Tags: support network

about Birdsong's December Meetings - News & Topics

[Hello I am Celeste, new to this community. When I was looking for a group to help with my own recovery and couldn't find anything I helped start one with the help of a doctor I met at one of the progams I attended, which has now become BirdSong. We are a not-for-profit, non-sectarian, free-thinking organization created by and for Women with a history of incest &/or related childhood trauma that holds weekly, facilitated, peer-empowerment groups in NYC's upper East Side in an atmosphere cushioned by trust and safety.]

Hello, Birdsong Ladies!

We here at Birdsong want to take a brief moment to wish you and your loved ones a happy holiday season!

As many of you know this is a very exciting time for our organization as we are finishing our certifications in Albany and are readying ourselves to begin fundraising!! In addition, we are taking this as an opportunity to announce some very exciting changes in the format of our weekly meetings.

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Season's GReetings from everyone at Birdsong

Soul Curly

Thanks everyone

I just wanted to express my appreciation to everyone who responded to my post earlier this week. I'm sorry I didn't have the chance to respond to each of you at the time, but really, I'd just have said the same thing - thanks for listening, thanks for the good advice and thanks for letting me know I'm not crazy/overreacting. It's amazing how often there's a huge gulf between what you know intellectually and what you feel.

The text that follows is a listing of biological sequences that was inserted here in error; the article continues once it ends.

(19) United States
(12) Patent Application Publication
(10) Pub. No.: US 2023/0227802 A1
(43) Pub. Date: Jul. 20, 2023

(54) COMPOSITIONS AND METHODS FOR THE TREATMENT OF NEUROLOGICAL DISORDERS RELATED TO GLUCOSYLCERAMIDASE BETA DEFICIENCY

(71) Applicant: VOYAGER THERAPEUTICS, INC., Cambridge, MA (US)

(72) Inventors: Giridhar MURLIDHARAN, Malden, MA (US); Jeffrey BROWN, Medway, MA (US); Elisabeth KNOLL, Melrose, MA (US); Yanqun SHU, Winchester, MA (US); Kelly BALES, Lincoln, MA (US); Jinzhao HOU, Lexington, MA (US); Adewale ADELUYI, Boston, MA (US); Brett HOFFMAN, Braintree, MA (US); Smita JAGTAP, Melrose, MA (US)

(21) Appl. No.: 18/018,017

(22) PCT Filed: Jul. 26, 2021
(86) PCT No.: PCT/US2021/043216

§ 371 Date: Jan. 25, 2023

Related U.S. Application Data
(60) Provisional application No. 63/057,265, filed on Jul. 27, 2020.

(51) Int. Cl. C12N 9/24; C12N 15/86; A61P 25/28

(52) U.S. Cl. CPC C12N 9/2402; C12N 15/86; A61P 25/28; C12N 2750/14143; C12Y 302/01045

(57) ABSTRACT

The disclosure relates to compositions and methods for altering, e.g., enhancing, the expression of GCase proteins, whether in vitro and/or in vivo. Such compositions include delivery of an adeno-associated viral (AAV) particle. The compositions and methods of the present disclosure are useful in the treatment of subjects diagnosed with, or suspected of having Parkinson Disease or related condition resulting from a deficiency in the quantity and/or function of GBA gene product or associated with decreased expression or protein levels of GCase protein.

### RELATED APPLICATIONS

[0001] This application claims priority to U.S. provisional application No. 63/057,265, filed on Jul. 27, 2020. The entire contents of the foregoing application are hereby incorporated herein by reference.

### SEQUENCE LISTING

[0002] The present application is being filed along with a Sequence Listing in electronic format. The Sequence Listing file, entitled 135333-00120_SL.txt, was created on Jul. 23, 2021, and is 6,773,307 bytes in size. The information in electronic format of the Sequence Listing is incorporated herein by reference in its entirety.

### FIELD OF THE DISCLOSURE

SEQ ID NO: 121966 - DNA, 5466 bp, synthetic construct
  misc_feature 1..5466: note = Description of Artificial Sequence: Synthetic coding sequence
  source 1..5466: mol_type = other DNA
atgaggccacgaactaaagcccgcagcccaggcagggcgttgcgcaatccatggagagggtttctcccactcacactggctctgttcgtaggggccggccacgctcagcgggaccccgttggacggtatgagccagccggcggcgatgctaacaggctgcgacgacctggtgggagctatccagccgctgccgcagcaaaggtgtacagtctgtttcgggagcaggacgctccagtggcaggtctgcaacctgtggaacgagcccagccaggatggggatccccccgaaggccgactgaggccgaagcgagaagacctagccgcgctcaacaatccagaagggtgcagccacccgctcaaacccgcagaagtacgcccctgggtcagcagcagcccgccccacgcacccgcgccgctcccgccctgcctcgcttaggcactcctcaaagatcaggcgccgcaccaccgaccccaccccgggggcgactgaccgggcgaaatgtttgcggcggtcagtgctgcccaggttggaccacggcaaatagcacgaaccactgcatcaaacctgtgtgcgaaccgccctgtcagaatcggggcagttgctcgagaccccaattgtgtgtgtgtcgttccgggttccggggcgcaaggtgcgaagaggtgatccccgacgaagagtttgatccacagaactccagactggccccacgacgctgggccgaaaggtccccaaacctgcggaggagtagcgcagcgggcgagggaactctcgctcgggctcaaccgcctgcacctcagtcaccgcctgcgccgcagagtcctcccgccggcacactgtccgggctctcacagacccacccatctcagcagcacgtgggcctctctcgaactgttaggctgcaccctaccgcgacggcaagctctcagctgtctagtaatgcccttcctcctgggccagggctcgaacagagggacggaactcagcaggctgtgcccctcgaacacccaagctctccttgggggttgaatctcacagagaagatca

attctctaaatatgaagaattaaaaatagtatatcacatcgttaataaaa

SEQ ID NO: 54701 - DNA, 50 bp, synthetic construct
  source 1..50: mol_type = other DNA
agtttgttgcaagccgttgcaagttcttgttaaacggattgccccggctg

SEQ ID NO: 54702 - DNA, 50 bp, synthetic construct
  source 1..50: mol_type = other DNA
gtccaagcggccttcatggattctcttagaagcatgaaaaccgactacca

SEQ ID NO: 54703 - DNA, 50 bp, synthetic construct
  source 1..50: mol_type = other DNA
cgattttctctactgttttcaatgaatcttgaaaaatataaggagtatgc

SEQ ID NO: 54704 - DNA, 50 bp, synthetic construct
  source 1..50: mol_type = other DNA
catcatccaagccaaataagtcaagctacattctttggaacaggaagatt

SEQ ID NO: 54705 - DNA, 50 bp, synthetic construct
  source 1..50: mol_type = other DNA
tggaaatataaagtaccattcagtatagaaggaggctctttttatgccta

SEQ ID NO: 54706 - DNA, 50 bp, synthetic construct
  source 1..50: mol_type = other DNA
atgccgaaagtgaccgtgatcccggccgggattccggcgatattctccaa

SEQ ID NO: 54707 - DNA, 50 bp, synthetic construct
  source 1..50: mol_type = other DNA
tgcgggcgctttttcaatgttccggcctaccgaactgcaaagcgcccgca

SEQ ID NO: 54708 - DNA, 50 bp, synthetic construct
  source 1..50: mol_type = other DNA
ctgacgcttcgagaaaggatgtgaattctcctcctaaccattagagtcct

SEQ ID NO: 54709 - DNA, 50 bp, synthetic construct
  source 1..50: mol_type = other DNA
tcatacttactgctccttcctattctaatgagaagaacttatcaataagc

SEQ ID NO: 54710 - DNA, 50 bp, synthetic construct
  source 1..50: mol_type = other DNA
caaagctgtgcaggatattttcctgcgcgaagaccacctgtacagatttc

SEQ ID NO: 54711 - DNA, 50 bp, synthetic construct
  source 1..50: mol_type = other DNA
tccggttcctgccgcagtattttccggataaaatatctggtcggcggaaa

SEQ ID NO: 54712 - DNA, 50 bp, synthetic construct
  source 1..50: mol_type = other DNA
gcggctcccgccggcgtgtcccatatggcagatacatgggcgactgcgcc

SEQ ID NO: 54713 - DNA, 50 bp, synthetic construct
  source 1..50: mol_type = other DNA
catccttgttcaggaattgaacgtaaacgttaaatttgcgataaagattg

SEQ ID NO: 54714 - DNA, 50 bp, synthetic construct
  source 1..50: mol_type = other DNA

Bear got your back

Weekly Thought Stirring: Support (public)

One aspect of recovery that we all need is support. However, the level of support and type of support that each of us need can vary greatly. For some people, being offered advice can be triggering, while for others, advice is what they are looking for.

It can be difficult sometimes for our supporters, as they can be paralyzed with the "what should I do? What shouldn't I do?". One of the ways that we can get the support we need falls under the "simple but not easy" category of recovery - to identify what support works best for us, and to communicate that to those who support us.

Support can come in many forms, from having someone there just to listen to having someone whom you trust hold you. Support can be everything from a hug to taking you out for a night on the town. There are many different types of support, and forms it can come in, and so it can be difficult to pinpoint a few that work well. So this week, we'll talk about what types of support work best for you

This week's questions are:
- How do you best like being supported? Do you just want an ear to listen or do you prefer to receive advice? Do you want to be held, or do you prefer no physical contact, etc.
- Which means of supporting you are least helpful?

Good but scary

I did something good but scary today. I e-mailed my best friend from high school asking for us to meet up to talk about my anxiety and depression after our uni exams. Everytime I have seen her since I told her about it she has asked very concerned questions. However it has been in public and we haven't been able to talk for long. I want to both be honest with her but reassure her too, that I'm getting help, that I'm looking after myself. I don't want her to worry.

The only reason why I haven't talked much about this with her already, was that during the time when the depression got really bad, she was in China for six months and she was difficult to contact. I think that occasionally made things harder for me but I don't want to tell her that because I don't want her to feel guilty about going, there was no way we could have known that this was going to happen and she isn't responsible for any of this anyway. She shouldn't feel that she shouldn't have made the most of the opportubnity.

I also want to discuss the fact that while I will get better from this time of depression, I will probably have to be treated for it again latter in life.
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